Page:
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Third of hospitals in developing world lack clean running water: study

[LONDON] At least a third of hospitals in developing nations do not have clean running water, a study has found, leading to unsanitary conditions and further spread of disease in drought-hit areas.

The study examined 430 hospitals in developing countries and found that one third of clinics did not have a reliable source of clean water to perform surgical operations.

Water availability ranged from 20 per cent in Sierra Leone and Liberia to more than 90 per cent in India, Malaysia and Guinea, according to the report, which used World Bank data and analysed previous studies between 2009 and 2015.

"Running water is something we take for granted and it doesn't exist in a third of hospitals in these countries," said Adam Kushner, lead author of the study, published in the Journal of Surgical Research.

"Instead of water just being there, some hospitals truck in water or collect it in rain barrels, with no guarantee of its cleanliness," said Mr Kushner, an adjunct professor at Johns Hopkins University who is also a surgeon.

Every year, half a million babies die before they are one-month-old due to a lack of clean water and safe sanitation in hospitals, according to a 2015 report by sanitation charity WaterAid and the World Health Organisation (WHO).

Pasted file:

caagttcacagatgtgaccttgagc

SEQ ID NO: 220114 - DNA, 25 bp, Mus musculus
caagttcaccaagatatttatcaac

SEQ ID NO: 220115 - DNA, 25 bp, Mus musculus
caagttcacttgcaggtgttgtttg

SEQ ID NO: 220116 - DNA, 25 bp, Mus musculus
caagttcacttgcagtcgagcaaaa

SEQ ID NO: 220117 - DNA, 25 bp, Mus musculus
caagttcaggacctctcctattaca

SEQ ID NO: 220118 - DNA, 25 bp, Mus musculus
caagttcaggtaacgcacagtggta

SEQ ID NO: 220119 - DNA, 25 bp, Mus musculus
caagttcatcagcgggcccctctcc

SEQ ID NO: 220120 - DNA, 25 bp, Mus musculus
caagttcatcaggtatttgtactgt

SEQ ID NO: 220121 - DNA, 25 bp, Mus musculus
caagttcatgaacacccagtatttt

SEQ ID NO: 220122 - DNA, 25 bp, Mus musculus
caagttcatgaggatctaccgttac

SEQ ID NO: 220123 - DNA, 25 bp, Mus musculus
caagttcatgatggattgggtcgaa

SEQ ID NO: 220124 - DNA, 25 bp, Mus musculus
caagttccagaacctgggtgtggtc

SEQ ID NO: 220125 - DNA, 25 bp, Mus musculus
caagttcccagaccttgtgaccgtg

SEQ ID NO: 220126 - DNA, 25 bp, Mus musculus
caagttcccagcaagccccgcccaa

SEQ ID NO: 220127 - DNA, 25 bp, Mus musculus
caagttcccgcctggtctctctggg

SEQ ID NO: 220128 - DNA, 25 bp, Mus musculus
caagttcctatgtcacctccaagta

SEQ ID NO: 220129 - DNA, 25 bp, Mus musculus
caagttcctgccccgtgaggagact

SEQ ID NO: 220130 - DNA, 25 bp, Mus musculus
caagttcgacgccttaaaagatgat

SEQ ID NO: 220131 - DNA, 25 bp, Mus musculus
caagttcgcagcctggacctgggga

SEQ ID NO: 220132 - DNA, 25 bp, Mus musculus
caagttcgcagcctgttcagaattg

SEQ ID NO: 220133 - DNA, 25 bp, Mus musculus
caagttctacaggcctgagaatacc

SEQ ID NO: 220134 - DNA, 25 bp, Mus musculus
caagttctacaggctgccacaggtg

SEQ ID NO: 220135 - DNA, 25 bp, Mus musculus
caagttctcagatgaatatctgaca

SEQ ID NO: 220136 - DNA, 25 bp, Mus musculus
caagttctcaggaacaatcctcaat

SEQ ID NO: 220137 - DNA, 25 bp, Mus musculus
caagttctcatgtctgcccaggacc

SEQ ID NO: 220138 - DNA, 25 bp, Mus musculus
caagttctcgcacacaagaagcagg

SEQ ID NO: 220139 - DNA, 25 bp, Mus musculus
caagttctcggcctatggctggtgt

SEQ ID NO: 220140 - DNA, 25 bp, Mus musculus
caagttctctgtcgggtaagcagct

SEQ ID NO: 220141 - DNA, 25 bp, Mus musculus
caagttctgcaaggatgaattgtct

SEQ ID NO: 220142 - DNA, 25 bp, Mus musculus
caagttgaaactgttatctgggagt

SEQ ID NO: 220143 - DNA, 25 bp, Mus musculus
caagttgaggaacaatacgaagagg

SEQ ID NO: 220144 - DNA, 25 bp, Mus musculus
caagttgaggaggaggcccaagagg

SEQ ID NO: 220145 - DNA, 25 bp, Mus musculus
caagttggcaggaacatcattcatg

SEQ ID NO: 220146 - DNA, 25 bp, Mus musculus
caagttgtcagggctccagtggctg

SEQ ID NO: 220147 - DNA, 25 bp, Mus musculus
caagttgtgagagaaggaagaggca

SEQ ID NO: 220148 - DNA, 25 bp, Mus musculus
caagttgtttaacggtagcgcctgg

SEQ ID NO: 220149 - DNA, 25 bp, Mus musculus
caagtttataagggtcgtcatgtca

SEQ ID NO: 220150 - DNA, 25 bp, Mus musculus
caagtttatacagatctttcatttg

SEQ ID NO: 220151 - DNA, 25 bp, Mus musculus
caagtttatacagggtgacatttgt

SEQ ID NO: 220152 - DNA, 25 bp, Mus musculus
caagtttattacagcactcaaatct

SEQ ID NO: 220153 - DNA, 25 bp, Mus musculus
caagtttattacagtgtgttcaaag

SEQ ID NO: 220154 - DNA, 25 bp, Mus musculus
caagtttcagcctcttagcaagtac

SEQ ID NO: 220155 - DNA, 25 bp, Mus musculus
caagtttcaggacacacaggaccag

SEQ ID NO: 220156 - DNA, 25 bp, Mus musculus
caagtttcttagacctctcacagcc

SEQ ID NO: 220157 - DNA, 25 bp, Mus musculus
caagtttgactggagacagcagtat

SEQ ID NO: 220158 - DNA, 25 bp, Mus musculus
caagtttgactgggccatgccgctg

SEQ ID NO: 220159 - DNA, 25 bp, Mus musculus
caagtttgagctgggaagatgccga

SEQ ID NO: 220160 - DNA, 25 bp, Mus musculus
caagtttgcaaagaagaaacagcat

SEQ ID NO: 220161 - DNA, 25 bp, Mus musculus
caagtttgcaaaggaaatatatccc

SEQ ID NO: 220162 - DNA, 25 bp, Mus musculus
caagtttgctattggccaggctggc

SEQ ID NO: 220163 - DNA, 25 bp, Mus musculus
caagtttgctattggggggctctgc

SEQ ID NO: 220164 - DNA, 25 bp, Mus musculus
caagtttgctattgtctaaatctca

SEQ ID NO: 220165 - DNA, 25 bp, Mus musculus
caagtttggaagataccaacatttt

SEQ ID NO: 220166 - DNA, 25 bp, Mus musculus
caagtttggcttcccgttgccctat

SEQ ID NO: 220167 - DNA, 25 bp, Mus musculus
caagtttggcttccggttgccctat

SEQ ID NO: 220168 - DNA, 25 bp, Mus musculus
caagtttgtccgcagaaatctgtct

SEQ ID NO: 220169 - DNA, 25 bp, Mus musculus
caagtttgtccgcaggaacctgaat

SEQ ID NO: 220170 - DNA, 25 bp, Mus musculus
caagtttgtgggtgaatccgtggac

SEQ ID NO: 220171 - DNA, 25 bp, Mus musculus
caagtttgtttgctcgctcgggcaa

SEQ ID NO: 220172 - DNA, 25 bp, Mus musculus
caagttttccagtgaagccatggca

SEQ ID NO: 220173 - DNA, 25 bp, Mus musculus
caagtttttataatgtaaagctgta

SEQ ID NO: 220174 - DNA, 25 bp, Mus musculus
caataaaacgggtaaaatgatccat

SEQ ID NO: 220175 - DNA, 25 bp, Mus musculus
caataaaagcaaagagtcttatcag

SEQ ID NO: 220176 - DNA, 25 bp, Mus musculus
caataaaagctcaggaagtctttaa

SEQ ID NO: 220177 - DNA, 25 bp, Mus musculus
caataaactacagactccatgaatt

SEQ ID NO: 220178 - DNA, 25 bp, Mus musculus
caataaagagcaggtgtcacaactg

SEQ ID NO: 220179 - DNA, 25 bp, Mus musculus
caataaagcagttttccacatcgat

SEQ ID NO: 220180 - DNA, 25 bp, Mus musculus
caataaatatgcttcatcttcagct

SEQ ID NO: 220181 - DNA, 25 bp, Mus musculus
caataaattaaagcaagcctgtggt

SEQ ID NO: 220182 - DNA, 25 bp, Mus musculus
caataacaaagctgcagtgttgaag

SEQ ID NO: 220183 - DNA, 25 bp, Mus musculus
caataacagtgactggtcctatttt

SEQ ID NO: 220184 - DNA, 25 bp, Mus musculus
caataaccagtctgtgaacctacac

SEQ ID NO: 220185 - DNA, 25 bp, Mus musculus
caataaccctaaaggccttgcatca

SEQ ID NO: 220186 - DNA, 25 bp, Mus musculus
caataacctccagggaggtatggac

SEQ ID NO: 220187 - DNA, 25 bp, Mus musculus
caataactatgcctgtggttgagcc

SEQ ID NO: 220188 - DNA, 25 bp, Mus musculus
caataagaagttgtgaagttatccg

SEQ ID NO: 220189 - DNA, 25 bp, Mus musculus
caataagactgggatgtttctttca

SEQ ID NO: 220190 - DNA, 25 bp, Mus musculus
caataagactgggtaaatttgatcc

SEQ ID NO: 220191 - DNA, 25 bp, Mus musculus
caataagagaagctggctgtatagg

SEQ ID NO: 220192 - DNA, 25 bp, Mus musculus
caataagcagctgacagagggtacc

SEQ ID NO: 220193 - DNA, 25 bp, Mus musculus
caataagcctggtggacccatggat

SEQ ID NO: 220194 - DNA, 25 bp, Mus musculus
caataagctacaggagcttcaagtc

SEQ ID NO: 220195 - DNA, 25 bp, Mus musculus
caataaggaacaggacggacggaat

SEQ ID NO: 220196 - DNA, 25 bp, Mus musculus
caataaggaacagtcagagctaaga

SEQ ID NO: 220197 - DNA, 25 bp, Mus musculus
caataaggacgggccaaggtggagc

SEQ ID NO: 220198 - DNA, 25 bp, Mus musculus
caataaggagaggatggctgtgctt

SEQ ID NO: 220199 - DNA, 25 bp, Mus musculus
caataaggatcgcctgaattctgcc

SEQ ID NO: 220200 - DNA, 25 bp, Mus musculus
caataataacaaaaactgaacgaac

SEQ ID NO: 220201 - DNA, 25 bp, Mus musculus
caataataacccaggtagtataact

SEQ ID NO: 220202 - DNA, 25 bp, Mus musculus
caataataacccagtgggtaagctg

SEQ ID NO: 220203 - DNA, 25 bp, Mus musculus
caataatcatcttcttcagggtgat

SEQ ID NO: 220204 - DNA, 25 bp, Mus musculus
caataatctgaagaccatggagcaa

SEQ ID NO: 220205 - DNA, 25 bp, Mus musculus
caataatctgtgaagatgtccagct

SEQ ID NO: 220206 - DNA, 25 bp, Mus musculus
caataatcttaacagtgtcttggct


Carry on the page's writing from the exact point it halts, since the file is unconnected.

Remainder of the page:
For one in five of those babies, being washed in clean water and cared for in a clean and safe environment by people who had washed their hands with soap could have prevented their deaths.

"What do you do if a woman shows up in obstructed labour and needs an emergency caesarean section and it's the dry season and the rain barrel is empty?" Mr Kushner said.

"You can't operate with dirty instruments, but if you don't she's going to die. This is the sort of dilemma that surgeons in these hospitals face."

As climate change contributes to rising sea levels and extreme weather, the United Nations estimates that by 2050 at least one in four people will live in a country with chronic or recurring shortages of fresh water.

The unpredictability of climate change could add to challenges in providing safe and hygienic medical care in developing nations, particularly during drought, Mr Kushner said.

"Many of the facilities without a continuous supply of water are often dependent on collecting rain water during the rainy season," he told the Thomson Reuters Foundation.

"Prolonged droughts could cause this source of water to become more difficult to use. This includes the lack of water to clean instruments, wash lines and gowns, and clean patient wards."

Some 650 million people, or one in 10 of the world's population, do not have access to safe water, according to the WHO.